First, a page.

November 18 2018
Royal Concert Hall, Nottingham
Review: William Ruff
Musical ingenuity at its most mind-boggling and awe-inspiring
If 21st century western culture had different values, perhaps the Royal Concert Hall would have been encircled on Sunday night by international TV crews reporting on human ingenuity at its most mind-boggling. Instead miracles were allowed to happen calmly and quietly: no razzamatazz but plenty of awe and wonder.
Ex Cathedra, one of the UK’s leading choirs and Early Music ensembles, scaled one of the supreme pinnacles of the choral repertoire, Tallis’s 40-part motet Spem in Alium. The Elizabethans loved puzzles and Tallis provided the ultimate challenge for musical code-breakers, weaving number clues into his music in ways which could have been too-clever-by-half but which instead produce music which thrills and inspires.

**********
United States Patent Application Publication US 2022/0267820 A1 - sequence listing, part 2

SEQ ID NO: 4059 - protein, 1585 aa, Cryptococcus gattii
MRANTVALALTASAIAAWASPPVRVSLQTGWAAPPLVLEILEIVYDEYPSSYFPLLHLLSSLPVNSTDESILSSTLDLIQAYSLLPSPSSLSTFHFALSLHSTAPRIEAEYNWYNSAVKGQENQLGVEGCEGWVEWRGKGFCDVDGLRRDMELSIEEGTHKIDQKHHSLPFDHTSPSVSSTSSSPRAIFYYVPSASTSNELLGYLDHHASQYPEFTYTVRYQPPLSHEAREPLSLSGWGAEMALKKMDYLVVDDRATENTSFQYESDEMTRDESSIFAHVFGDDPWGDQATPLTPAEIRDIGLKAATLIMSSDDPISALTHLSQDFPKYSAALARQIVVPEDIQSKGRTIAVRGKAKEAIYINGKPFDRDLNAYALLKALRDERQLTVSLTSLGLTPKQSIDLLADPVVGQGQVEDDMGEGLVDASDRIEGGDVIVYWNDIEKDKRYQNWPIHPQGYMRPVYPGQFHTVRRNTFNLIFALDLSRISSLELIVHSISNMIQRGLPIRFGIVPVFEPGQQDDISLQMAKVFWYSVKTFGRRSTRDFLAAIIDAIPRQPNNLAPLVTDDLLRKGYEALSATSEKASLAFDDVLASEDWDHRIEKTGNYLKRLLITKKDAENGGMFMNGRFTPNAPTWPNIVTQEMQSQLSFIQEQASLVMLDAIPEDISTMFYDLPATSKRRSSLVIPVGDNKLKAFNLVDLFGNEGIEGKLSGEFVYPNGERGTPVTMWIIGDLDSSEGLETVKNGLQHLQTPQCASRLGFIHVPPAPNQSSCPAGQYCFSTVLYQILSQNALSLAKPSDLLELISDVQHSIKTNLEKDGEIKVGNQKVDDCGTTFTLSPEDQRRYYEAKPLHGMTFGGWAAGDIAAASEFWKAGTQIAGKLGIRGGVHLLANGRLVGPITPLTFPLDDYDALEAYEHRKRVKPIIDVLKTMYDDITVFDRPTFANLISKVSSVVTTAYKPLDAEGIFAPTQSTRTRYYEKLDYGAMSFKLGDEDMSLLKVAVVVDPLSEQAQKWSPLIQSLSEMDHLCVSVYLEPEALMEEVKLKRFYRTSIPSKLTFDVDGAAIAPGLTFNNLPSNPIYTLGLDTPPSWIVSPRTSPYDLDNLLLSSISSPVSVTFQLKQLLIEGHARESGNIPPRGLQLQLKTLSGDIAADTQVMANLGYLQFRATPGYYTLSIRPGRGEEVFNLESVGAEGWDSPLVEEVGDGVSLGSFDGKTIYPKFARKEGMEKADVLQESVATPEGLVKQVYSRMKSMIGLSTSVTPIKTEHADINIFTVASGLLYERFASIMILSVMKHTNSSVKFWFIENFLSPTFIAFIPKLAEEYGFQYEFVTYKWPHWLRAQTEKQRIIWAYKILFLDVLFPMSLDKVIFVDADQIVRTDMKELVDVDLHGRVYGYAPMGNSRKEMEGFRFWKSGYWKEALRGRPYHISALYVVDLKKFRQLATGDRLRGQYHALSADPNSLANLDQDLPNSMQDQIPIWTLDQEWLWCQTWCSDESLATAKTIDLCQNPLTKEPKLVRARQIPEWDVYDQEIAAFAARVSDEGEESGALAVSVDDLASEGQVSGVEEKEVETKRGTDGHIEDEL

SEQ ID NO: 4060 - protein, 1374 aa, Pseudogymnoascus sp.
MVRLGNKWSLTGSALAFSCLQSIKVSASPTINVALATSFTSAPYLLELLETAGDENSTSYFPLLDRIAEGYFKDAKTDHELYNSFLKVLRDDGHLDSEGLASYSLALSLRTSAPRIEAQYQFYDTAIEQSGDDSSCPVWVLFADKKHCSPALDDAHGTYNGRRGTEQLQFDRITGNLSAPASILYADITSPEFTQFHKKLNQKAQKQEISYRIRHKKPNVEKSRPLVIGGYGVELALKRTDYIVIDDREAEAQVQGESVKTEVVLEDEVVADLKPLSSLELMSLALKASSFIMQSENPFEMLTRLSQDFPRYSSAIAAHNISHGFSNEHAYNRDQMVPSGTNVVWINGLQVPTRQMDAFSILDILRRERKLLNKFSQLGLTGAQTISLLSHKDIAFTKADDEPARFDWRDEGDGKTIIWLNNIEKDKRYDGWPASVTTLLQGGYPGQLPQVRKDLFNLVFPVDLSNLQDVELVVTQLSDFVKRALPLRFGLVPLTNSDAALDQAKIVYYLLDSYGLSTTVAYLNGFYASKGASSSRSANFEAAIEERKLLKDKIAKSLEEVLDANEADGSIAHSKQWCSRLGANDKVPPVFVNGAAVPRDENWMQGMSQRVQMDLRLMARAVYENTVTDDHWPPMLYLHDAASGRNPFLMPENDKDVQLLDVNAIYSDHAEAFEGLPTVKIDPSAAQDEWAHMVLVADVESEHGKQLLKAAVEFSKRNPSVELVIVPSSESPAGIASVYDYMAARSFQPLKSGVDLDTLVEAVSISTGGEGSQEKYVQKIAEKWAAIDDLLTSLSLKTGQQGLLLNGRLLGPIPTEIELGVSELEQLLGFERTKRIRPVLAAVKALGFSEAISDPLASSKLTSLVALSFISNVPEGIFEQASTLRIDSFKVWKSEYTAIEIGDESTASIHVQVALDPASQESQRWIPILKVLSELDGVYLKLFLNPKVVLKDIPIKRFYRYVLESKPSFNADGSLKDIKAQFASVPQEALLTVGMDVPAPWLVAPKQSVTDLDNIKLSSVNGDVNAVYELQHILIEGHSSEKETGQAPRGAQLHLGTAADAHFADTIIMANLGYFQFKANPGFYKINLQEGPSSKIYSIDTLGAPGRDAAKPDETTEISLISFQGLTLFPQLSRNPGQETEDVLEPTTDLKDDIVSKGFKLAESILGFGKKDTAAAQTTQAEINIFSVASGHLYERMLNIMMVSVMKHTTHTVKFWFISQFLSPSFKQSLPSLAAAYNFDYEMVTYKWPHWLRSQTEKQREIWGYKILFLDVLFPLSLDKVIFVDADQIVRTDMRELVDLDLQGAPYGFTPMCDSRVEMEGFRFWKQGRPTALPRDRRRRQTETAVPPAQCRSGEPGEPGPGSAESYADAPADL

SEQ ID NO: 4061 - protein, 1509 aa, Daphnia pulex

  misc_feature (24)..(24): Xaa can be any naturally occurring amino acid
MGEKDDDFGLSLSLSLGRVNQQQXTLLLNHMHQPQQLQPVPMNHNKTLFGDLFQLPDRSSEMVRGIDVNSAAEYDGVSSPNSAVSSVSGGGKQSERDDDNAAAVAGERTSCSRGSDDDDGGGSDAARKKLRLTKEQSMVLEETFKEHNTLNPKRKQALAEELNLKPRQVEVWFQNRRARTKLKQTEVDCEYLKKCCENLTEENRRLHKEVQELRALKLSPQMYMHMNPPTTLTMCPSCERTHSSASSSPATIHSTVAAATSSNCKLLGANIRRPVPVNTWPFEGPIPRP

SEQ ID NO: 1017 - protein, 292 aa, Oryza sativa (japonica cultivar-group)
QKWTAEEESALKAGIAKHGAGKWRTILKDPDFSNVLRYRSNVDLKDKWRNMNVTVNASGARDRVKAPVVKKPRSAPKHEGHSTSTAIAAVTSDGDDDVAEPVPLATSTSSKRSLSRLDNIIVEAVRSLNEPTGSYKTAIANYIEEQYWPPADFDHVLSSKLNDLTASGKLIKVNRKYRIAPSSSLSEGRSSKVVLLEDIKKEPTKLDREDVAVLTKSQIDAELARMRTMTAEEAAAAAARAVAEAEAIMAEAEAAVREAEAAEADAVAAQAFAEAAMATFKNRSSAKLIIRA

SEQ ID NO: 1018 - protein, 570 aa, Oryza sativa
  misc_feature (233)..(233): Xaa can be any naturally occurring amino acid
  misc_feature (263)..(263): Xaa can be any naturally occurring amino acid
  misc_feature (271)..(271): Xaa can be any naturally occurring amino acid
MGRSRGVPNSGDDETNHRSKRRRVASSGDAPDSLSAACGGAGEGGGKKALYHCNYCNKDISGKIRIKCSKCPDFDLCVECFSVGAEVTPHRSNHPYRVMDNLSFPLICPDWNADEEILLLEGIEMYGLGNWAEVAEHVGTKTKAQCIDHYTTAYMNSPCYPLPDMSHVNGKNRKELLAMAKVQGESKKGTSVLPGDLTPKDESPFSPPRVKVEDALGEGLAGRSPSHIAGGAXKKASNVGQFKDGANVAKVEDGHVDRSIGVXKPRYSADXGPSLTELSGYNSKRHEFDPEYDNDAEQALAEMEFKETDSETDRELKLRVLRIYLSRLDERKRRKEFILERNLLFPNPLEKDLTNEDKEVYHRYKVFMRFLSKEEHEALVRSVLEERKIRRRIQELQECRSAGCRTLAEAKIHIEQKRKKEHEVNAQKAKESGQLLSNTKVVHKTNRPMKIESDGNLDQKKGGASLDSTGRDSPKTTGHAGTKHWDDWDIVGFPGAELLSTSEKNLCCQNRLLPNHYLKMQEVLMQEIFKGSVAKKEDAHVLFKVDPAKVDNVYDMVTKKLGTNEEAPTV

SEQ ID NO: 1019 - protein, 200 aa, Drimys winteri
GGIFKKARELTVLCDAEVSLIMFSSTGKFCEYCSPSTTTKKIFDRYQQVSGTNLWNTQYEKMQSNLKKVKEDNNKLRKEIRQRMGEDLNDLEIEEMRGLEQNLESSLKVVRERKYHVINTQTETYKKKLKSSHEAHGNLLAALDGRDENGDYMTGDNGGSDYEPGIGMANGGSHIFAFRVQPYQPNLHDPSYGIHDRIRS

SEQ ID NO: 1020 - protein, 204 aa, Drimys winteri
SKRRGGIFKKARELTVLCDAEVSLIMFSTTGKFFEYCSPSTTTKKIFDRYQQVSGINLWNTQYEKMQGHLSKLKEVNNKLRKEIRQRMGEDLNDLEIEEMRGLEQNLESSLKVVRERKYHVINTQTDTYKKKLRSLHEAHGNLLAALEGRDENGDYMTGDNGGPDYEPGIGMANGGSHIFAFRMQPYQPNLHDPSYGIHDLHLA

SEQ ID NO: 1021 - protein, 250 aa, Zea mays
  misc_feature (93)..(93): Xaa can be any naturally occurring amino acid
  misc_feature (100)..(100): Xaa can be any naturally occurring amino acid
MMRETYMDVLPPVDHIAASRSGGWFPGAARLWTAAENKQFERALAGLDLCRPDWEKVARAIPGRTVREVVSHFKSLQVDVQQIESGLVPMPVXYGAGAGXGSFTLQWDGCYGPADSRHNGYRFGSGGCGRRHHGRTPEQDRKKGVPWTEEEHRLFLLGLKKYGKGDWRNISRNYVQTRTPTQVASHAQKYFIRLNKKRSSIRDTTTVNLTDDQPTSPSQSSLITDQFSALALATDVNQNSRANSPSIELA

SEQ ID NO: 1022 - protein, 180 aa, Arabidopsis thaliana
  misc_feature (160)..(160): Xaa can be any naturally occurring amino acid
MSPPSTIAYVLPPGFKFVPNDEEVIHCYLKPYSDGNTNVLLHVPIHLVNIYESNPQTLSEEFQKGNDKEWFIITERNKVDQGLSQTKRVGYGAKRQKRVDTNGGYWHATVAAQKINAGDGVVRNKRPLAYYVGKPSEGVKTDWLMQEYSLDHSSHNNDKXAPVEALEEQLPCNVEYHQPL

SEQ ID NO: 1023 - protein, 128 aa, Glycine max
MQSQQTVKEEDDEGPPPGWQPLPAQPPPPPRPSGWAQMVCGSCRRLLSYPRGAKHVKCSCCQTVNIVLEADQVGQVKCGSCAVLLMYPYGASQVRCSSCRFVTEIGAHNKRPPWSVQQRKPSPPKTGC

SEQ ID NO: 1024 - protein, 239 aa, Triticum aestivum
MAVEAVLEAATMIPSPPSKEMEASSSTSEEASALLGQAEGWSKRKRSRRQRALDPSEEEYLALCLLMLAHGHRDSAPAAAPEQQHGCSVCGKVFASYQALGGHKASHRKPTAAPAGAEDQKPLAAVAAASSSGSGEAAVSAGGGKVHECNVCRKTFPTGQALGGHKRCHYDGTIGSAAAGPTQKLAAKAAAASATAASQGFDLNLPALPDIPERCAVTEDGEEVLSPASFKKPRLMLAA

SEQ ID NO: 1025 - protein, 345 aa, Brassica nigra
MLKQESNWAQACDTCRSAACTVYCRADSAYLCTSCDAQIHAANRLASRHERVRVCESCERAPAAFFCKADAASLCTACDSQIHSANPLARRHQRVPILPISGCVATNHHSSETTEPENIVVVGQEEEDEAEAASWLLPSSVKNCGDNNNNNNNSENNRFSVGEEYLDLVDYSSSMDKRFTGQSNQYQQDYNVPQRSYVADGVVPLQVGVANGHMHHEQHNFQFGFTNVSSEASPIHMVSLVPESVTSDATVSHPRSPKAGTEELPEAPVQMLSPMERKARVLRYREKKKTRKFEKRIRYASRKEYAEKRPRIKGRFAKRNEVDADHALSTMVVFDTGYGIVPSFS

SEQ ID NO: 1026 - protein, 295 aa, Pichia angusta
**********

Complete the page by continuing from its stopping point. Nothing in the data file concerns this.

Ex Cathedra became 8 choirs of 5 voices each, the sound moving from one to the other until at bar 40(!) Tallis allows all 40 voices to sound together for the first time. Conductor Jeffrey Skidmore moulded a wonderfully shaped, superbly controlled performance from his singers, dynamics minutely nuanced, tuning miraculously accurate and tone brightly burnished.
Ex Cathedra also celebrated the ingenuity of modern composers. In a more secular age one image which inspired general awe was that of the Earth as seen by the Apollo 8 crew. Alec Roth’s 40-part Earthrise is a deeply moving musical meditation on the beauty and meaning of that famous image of the cosmic jewel on which we live and whose future is so fragile. The intricacy of all those interconnected choral parts made a powerful and compelling musical statement: man’s drive to explore and exploit must be tempered by wisdom and understanding.
Gabriel Jackson’s Sanctum est verum lumen was another piece which offered the audience glimpses of the infinite, the choir evoking a sense of light, again through ingenious writing in 40 parts, from gentle luminosity to fiercely dazzling brightness.
Ex Cathedra, conducted by Jeffrey Skidmore